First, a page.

The Lunar Girl

Small short I wrote for a Weekly Write-Up at WDG.
Roughly 600 words.
Her name was Flora, the lunar girl. She tended the Crescent Glaive flowers, those towering silver blades that grew and swayed with the moods of the moon. She glided among them in their patchy groves. Some townsfolk respected her—most fearing her mastery of the Glaives, her instinctive expertise demonized as witchery.
Flora smiled at these accusations. But she never did protest.
A curious old man appeared at her groves one night. He leaned against a wood staff, polished from years of use. He peered between the blades, calling softly, “Flora, I wish to speak with you.” The Glaives rustled beside him. He glanced at them nervously.
Singing to herself, her fingers dancing along the Glaive blades, Flora appeared from the silver spires.
“Hello, my old sir, is there something the matter?”
He waved at the Glaives as they moved with her rhythms and melodies. “I wish you to cease this madness.”
“What madness, old sir?” She tilted her head at him. Her eyes shone like quicksilver in the moonlight. The Glaives seemed to crowd closer, closer yet.
The man took a step back from Flora and reset his staff in the ground. The words came slowly to him.
“You have no idea how your Crescent Glaives are used, do you, Flora?”
She shook her head and smiled, bright white teeth. “What idea do I need to have but that my Glaives are beautiful? That they are grown with love and care and are unrivaled in this world? They are the children of the moon.”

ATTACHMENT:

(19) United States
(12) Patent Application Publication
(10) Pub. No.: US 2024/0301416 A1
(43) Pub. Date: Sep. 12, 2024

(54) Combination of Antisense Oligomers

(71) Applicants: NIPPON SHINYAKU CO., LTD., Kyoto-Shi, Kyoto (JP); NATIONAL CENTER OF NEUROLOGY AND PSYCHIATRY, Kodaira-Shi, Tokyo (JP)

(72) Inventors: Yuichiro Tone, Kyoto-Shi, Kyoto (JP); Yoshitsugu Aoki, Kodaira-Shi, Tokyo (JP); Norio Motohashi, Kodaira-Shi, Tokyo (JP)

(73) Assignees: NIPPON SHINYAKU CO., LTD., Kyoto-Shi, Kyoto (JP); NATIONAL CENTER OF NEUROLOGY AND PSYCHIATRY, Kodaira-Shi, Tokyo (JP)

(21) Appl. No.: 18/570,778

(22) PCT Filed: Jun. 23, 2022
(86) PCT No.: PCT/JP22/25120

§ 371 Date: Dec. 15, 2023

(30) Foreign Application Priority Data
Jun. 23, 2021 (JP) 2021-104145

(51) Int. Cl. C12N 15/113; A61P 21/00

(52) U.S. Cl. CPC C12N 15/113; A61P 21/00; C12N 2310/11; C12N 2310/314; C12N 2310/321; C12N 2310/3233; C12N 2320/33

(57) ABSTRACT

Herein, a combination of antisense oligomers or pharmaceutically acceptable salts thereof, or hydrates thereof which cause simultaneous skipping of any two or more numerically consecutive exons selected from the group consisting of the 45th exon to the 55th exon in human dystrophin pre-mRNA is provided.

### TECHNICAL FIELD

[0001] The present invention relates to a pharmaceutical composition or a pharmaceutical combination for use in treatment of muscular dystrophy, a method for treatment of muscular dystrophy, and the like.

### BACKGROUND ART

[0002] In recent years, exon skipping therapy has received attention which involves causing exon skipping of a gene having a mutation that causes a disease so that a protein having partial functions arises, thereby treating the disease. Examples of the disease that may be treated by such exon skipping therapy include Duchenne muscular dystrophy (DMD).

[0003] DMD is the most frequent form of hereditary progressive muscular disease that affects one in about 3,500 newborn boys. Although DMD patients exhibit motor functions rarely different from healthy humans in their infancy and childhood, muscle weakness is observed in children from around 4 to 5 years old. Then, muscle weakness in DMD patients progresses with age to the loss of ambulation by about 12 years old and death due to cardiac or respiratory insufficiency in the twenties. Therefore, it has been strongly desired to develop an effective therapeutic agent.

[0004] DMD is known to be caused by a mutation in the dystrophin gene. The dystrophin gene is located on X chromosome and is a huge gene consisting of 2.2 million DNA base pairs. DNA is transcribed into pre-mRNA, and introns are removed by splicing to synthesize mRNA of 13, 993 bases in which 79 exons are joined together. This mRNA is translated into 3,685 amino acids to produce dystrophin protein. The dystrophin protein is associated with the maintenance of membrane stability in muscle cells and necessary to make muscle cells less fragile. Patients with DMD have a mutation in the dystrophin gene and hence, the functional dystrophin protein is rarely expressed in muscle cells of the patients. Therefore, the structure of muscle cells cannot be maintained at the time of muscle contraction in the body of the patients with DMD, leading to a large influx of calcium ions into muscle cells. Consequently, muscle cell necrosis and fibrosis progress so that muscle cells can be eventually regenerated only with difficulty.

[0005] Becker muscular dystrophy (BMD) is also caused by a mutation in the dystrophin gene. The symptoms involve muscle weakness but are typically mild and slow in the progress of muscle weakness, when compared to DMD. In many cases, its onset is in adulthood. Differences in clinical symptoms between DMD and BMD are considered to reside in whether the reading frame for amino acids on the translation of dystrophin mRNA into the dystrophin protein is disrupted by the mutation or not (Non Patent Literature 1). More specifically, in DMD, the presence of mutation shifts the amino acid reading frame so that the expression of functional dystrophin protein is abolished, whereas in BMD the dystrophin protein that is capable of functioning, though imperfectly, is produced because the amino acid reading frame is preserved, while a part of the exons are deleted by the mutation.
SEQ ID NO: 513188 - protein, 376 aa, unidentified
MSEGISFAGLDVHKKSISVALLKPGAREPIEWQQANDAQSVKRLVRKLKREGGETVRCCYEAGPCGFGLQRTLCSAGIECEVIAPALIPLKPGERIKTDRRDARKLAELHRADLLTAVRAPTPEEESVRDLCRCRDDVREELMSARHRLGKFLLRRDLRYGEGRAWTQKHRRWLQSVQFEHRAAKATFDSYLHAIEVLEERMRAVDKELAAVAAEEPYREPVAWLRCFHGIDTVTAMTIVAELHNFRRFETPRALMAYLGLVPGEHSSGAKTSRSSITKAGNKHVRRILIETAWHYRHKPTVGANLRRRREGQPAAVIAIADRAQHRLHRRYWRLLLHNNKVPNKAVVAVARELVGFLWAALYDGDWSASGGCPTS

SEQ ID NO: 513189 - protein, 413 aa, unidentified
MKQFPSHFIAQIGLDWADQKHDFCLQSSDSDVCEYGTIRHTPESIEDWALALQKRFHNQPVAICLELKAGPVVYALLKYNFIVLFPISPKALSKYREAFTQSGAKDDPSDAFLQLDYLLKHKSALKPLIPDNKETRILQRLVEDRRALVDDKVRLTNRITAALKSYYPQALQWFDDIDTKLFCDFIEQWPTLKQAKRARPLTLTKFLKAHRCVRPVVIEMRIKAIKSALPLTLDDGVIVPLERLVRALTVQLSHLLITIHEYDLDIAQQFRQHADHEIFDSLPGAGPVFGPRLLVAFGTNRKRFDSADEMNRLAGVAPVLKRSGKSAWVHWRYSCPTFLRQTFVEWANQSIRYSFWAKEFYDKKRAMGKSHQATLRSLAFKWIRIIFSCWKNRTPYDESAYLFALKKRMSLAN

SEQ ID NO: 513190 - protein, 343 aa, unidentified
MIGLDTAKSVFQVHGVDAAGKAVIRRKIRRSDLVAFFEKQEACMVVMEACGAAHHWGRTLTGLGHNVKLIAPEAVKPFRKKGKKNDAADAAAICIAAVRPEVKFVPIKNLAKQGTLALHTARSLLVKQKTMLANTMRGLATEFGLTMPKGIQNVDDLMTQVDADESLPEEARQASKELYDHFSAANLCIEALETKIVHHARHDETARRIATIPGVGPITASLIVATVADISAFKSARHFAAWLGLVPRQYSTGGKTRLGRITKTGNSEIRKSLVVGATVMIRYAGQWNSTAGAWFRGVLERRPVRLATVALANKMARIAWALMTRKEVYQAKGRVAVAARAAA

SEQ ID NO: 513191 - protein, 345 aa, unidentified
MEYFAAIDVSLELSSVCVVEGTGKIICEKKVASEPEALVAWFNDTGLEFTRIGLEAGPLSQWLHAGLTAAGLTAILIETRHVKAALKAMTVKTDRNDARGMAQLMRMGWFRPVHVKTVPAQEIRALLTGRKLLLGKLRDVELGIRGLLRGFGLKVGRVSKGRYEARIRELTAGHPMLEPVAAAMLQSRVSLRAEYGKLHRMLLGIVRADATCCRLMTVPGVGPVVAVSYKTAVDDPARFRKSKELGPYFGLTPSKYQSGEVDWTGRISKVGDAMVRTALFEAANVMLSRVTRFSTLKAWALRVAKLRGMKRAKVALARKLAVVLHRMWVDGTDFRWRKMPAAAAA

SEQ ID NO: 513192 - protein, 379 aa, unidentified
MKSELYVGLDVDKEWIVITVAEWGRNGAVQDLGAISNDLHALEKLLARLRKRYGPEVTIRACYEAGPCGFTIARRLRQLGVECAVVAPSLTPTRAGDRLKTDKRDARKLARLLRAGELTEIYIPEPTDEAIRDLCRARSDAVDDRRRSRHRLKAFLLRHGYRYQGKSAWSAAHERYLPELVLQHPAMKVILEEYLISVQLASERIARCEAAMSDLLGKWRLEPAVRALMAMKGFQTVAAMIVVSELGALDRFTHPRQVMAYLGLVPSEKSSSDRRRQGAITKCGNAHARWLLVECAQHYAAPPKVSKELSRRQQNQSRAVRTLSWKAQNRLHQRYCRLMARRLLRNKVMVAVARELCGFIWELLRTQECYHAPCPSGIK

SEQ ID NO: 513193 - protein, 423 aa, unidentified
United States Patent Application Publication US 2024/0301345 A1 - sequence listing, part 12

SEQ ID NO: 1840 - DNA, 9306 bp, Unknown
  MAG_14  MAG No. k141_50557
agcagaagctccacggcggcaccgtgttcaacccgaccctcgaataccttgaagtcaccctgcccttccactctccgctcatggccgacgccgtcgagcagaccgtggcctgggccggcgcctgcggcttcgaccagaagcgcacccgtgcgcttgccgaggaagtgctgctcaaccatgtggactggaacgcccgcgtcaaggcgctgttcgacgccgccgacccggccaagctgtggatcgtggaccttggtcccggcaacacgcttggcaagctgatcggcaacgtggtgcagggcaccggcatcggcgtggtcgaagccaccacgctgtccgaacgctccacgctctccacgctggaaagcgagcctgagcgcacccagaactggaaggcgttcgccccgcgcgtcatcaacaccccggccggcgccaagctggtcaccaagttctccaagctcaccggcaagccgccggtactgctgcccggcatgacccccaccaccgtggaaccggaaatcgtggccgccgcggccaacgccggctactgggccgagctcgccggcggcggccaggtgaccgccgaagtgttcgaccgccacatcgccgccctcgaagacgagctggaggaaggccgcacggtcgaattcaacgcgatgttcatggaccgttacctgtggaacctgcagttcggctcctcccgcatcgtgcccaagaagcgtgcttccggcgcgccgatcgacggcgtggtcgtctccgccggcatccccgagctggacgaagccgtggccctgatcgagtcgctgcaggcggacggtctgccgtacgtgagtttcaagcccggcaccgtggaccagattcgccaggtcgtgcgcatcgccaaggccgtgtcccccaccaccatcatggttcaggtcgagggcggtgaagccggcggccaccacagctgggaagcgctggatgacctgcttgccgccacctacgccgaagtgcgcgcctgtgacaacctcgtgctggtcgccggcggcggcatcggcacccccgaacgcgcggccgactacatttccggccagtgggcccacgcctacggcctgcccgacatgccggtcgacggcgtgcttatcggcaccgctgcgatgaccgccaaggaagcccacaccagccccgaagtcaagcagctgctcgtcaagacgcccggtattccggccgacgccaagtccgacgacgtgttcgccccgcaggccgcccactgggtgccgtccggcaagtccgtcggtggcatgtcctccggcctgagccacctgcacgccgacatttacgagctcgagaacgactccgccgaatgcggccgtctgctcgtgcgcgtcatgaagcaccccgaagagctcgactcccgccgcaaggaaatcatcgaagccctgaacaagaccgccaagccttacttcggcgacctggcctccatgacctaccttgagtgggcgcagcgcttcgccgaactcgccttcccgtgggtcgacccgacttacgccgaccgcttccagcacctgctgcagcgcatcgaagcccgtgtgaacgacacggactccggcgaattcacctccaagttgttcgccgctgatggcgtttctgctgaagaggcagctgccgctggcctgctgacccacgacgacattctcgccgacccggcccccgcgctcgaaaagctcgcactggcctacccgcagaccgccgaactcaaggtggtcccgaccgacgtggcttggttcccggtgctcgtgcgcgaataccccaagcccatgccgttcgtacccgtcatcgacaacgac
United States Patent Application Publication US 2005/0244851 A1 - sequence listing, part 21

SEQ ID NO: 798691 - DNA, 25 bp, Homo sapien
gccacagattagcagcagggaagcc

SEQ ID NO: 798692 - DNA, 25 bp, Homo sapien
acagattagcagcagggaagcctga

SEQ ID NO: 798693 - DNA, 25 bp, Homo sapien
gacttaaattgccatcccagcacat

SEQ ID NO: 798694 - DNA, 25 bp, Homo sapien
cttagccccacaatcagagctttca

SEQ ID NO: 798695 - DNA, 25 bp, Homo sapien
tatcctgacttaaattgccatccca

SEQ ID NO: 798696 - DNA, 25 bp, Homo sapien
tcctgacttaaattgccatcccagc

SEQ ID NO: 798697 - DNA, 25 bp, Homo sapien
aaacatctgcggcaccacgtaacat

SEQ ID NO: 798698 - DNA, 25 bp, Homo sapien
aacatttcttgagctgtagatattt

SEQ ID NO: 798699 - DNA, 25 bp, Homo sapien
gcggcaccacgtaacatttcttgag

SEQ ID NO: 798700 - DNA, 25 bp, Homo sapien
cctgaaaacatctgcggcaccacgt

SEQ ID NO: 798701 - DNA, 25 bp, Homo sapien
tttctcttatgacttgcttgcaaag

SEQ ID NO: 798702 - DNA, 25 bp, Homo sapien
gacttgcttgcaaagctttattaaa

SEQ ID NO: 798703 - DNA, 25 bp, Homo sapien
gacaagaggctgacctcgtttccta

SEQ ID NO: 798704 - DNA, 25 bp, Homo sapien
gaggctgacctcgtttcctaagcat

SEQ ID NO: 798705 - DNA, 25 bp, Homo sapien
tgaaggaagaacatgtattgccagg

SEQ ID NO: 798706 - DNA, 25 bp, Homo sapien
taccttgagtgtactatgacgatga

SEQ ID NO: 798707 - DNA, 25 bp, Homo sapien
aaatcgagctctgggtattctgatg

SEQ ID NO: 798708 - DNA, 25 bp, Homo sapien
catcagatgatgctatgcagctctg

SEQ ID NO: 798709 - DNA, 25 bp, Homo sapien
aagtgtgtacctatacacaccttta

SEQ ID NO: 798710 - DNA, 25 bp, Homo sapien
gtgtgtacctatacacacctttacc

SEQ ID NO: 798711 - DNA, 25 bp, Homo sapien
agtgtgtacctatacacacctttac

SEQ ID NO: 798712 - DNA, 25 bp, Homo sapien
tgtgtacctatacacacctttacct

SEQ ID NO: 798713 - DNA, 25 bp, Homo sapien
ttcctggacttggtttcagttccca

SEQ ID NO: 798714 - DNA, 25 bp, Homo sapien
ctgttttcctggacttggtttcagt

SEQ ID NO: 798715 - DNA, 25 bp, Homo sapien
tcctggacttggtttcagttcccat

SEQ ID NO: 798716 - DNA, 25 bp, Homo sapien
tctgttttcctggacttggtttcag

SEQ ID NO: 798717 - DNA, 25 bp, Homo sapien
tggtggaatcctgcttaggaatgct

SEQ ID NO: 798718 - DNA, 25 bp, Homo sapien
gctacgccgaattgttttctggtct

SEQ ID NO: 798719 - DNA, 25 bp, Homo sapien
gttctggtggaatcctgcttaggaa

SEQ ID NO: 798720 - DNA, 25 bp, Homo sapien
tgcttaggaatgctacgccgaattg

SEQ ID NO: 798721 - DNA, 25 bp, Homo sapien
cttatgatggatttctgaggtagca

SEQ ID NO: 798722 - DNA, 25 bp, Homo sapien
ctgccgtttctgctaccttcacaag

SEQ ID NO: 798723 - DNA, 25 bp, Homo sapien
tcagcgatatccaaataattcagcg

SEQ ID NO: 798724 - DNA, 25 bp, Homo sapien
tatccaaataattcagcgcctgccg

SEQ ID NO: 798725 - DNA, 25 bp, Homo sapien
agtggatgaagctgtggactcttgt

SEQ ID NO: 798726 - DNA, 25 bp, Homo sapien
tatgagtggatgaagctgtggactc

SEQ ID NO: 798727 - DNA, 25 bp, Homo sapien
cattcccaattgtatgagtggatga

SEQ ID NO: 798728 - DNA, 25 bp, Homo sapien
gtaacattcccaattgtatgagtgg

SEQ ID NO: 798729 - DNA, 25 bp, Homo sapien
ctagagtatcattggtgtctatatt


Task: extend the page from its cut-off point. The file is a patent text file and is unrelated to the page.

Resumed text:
“And they are murder in the sun,” the old man whispered. He ran a cautious finger along a Glaive but pulled abruptly as a thin line of blood bloomed from his skin. “They go to market but are bought for wars and used for death. You know this?”
Flora looked at him suspiciously. “You lie.”
“I do not. My son was killed by one of your Glaives.”
“You lie!” Flora screamed. “They are beautiful. They bring me peace; they grow as only the moon allows. There is no death in them. It is the world that spoils them.”
He raised his thumb to her, the blood congealing. Except it was silver blood. “I will die from this wound,” he said. “As we speak, the blood morphs to liquid silver, poisoning my body. I have a few minutes perhaps. Yet that seems more than I should need.”
Flora stared in horror at his finger. She held it between her hands, mourning it in the moonlight, silver tears falling down her cheeks. “I know nothing beyond these groves.”
“And none know so delicately the power within them. The money from your Crescent Glaives has kept this town alive, yet brought death to many others. Is such beauty worth the destruction it sows?” He staggered, snapping his hand from Flora and clutching his heart. “There is a man, the Silver King, who has made his name in the silvered blood of your creations. They say you are not one of us, just a lunar girl. They are so very wrong.” He collapsed before her.
The townsfolk came from their homes, horrified and awestruck by the fires consuming Flora’s groves. The flames licked the night, burning the stars.
Flora watched, a single shorn Glaive in her hand.
“The Silver King,” she said.

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